Education-wise, Mikitani went to Hitotsubashi University, which is a Tokyo-based school that specializes in the social sciences. Subject-wise, he studied commerce, which is notable because said school is considered to be the best school in Japan when it comes to both economics and commerce. Hitotsubashi University was founded in 1875 for the purpose of training businessmen who could assist in the modernization of Japan after the fall of the Tokugawa Shogunate. As such, its symbol was based on Mercury's caduceus. Something that can seem strange until one remembers that commerce was one of the numerous responsibilities in said god's wide-ranging portfolio.
5. Spent Some Time in Banking
Upon graduation, Mikitani spent some time in the banking sector. To be exact, he spent some time working at the Industrial Bank of Japan, took some time off to study at Harvard University, and then started up his own consulting group.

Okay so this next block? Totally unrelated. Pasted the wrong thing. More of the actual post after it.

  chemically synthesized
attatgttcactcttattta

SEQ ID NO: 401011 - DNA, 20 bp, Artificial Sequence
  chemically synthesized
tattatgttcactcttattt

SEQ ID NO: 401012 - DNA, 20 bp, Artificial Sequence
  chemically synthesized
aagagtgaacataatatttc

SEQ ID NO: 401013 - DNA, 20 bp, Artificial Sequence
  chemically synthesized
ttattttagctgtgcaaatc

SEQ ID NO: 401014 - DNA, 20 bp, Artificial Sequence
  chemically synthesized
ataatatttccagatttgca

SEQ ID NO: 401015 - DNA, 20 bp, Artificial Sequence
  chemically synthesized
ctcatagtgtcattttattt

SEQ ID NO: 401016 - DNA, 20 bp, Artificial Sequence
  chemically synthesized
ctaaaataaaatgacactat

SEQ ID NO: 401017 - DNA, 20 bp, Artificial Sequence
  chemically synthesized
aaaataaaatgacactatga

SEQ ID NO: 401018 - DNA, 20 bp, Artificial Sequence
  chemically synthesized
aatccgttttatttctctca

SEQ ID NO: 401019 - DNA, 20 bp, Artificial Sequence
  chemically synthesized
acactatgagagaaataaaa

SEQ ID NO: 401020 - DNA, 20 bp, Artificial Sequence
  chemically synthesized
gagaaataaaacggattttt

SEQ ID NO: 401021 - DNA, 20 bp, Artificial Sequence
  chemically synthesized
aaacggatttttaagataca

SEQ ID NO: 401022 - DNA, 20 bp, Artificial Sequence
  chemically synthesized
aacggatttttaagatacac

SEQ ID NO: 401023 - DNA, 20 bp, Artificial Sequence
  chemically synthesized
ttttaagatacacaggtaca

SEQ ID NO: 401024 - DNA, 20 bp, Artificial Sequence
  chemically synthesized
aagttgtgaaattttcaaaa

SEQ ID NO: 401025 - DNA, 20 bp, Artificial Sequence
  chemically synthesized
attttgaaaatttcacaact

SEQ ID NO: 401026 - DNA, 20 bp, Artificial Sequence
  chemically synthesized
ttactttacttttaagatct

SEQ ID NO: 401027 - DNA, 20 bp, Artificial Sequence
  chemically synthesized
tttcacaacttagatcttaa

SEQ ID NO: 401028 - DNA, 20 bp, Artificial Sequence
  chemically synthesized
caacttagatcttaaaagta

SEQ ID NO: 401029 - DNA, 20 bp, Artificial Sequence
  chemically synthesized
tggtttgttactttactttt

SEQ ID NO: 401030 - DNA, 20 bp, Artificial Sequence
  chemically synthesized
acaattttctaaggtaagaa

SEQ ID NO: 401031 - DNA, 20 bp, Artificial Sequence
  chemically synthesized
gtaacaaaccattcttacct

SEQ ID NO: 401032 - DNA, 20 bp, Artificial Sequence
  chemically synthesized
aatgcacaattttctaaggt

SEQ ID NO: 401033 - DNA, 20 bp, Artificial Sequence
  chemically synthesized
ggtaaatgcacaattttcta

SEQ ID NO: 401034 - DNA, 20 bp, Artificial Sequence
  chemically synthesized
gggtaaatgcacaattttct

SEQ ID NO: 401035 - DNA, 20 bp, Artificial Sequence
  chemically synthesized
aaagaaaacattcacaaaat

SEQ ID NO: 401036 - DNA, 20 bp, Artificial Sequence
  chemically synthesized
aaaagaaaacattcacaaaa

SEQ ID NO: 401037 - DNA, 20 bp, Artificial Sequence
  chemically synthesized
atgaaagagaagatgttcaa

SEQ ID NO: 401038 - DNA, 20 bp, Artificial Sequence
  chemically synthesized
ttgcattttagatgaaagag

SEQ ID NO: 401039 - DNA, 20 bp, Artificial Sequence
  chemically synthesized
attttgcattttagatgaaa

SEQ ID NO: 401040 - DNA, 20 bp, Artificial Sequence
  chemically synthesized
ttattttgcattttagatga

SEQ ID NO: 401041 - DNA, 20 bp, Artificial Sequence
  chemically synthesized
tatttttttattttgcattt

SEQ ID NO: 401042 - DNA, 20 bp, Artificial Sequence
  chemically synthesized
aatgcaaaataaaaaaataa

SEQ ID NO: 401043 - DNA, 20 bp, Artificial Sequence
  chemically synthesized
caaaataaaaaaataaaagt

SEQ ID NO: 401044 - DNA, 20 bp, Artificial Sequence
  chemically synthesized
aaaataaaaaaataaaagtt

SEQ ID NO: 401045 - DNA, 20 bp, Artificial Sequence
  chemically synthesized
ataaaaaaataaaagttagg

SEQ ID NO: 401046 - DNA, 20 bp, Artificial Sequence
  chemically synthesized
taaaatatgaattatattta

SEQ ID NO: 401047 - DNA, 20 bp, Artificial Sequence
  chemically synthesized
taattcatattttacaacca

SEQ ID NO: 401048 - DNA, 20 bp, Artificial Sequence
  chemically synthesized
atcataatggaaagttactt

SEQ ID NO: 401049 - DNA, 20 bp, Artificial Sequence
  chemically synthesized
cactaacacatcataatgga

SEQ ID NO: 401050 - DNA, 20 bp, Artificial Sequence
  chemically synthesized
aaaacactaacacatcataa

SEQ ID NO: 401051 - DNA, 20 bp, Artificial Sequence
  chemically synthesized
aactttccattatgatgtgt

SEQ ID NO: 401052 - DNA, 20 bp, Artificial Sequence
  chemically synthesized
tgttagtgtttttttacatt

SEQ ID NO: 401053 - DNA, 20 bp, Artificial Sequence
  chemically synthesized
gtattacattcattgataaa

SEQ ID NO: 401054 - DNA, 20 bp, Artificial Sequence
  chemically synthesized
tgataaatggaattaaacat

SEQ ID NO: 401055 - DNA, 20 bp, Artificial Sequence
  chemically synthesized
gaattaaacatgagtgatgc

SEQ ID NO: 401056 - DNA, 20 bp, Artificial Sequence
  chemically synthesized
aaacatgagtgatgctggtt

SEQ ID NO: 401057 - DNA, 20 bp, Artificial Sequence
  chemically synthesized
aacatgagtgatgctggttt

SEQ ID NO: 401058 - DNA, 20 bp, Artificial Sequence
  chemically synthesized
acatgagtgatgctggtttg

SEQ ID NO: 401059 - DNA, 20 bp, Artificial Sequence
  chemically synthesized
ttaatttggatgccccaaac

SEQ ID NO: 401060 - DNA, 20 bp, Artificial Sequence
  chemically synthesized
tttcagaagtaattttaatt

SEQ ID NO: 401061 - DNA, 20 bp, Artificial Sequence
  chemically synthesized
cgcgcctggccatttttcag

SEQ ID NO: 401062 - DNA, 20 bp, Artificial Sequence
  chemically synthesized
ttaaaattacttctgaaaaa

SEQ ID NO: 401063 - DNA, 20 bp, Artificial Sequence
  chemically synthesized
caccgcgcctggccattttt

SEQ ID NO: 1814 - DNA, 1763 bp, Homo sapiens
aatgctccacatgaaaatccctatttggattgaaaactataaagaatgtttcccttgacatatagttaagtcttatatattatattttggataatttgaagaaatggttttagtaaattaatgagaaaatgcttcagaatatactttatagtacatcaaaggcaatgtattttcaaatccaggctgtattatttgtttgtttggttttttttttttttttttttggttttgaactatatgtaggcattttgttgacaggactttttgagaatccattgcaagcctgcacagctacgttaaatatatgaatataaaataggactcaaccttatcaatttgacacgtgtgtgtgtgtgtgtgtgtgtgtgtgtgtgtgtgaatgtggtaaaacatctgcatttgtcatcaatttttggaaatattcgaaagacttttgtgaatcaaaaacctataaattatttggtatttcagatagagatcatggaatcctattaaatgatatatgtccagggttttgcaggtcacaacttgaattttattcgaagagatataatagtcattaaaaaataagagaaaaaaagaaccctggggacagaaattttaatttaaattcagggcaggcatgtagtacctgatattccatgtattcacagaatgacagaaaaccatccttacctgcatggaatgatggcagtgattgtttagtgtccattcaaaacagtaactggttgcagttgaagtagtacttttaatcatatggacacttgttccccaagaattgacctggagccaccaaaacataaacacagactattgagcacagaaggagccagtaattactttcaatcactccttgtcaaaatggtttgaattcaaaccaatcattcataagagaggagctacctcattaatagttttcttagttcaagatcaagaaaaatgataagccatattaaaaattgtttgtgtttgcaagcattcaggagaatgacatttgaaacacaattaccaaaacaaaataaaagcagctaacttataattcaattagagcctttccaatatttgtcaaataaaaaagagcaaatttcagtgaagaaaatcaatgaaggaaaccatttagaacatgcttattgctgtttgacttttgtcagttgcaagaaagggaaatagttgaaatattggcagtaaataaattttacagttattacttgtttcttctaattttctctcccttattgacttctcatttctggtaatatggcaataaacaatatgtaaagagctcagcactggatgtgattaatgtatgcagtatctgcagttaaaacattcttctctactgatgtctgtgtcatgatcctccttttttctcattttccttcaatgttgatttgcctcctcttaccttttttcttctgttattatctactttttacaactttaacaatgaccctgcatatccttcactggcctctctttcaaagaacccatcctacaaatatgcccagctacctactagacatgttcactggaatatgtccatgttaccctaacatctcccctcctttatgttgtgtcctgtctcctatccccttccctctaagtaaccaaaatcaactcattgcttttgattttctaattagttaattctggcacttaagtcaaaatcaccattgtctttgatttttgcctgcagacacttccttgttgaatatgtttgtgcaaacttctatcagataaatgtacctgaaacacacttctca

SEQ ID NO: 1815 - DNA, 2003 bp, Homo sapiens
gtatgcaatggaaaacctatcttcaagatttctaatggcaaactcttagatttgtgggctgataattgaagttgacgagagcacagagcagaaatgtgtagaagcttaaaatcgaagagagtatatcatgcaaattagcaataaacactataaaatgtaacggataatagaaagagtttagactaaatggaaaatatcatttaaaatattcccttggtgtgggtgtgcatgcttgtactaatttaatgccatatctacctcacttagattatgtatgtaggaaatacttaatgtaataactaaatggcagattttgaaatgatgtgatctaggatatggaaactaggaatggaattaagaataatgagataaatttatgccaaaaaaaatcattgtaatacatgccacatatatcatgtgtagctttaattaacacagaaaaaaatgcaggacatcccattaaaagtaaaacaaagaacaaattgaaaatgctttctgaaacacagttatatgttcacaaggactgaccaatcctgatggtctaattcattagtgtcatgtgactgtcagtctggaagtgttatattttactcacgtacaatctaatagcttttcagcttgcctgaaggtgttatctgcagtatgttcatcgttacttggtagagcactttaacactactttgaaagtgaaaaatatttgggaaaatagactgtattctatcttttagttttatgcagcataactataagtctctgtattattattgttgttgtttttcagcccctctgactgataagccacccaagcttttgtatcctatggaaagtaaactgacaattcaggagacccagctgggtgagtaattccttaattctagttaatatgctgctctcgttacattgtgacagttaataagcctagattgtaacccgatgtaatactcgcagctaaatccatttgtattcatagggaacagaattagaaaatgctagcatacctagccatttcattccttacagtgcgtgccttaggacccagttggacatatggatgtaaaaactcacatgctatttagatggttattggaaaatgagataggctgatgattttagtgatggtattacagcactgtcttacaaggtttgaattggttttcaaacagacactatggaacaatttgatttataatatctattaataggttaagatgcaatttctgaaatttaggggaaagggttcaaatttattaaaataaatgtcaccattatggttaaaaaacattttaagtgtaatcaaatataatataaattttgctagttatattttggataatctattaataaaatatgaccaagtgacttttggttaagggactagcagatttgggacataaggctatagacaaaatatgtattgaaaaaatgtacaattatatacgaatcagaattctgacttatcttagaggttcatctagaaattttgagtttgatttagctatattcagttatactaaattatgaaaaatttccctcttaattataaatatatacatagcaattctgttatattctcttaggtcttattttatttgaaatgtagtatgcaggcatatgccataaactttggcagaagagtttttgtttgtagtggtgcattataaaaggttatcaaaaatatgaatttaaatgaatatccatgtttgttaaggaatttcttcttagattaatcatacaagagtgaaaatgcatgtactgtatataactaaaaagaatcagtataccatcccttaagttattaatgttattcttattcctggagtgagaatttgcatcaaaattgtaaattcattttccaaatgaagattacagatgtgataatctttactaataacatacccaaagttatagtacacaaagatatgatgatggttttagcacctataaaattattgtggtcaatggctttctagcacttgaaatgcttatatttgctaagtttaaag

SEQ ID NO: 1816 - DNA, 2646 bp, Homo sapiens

6. Convinced to Do Something Else By a Natural Disaster
In 1995, Kobe was struck by the Great Hanshin Earthquake. Said natural disaster wasn't as bad as the Great Kanto Earthquake of 1923, which killed more than 105,000 people. However, the Great Hanshin Earthquake was still quite horrific, seeing as how it killed up to 6,434 people and did about $200 billion USD in damage. This occurrence had a huge impact on Mikitani, who was convinced to leave the banking sector so that he could help revitalize Japan's economy by starting up his own business.
7. Entered E-Commerce Quite Early
Mikitani entered e-commerce quite early. After all, he decided to start up an online shopping mall in 1996, which was well before the e-commerce boom of more recent decades. For context, when Mikitani got involved, Netscape was still a well-known name rather than a not particularly important bit of tech trivia. Similarly, Amazon.com had just been launched while Google was still in its embryonic stage as a research project.
8. Expanded Beyond E-Commerce